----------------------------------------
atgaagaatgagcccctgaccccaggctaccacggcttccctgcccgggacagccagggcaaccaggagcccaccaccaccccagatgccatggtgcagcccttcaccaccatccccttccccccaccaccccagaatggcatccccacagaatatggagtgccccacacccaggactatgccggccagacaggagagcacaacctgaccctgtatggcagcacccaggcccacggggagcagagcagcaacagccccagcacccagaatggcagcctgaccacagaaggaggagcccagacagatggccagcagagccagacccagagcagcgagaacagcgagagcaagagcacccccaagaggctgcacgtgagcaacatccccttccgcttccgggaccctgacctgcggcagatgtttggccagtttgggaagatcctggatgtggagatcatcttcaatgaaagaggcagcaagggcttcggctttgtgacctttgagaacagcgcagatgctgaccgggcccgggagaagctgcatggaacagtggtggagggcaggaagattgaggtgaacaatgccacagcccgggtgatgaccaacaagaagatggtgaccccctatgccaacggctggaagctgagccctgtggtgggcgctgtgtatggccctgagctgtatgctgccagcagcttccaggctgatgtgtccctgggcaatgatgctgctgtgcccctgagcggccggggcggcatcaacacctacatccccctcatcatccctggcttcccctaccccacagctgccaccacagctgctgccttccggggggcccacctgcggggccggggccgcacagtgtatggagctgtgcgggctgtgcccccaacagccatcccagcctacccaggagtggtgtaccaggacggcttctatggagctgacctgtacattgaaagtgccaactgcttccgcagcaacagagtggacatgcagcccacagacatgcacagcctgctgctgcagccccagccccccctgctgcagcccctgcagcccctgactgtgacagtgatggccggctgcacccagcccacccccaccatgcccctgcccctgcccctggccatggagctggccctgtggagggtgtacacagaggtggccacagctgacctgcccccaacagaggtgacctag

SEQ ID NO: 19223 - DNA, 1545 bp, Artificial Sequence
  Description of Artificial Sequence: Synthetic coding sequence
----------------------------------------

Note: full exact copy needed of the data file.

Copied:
atgaagaatgagcccctgaccccaggctaccacggcttccctgcccgggacagccagggcaaccaggagcccaccaccaccccagatgccatggtgcagcccttcaccaccatccccttccccccaccaccccagaatggcatccccacagaatatggagtgccccacacccaggactatgccggccagacaggagagcacaacctgaccctgtatggcagcacccaggcccacggggagcagagcagcaacagccccagcacccagaatggcagcctgaccacagaaggaggagcccagacagatggccagcagagccagacccagagcagcgagaacagcgagagcaagagcacccccaagaggctgcacgtgagcaacatccccttccgcttccgggaccctgacctgcggcagatgtttggccagtttgggaagatcctggatgtggagatcatcttcaatgaaagaggcagcaagggcttcggctttgtgacctttgagaacagcgcagatgctgaccgggcccgggagaagctgcatggaacagtggtggagggcaggaagattgaggtgaacaatgccacagcccgggtgatgaccaacaagaagatggtgaccccctatgccaacggctggaagctgagccctgtggtgggcgctgtgtatggccctgagctgtatgctgccagcagcttccaggctgatgtgtccctgggcaatgatgctgctgtgcccctgagcggccggggcggcatcaacacctacatccccctcatcatccctggcttcccctaccccacagctgccaccacagctgctgccttccggggggcccacctgcggggccggggccgcacagtgtatggagctgtgcgggctgtgcccccaacagccatcccagcctacccaggagtggtgtaccaggacggcttctatggagctgacctgtacattgaaagtgccaactgcttccgcagcaacagagtggacatgcagcccacagacatgcacagcctgctgctgcagccccagccccccctgctgcagcccctgcagcccctgactgtgacagtgatggccggctgcacccagcccacccccaccatgcccctgcccctgcccctggccatggagctggccctgtggagggtgtacacagaggtggccacagctgacctgcccccaacagaggtgacctag

SEQ ID NO: 19223 - DNA, 1545 bp, Artificial Sequence
  Description of Artificial Sequence: Synthetic coding sequence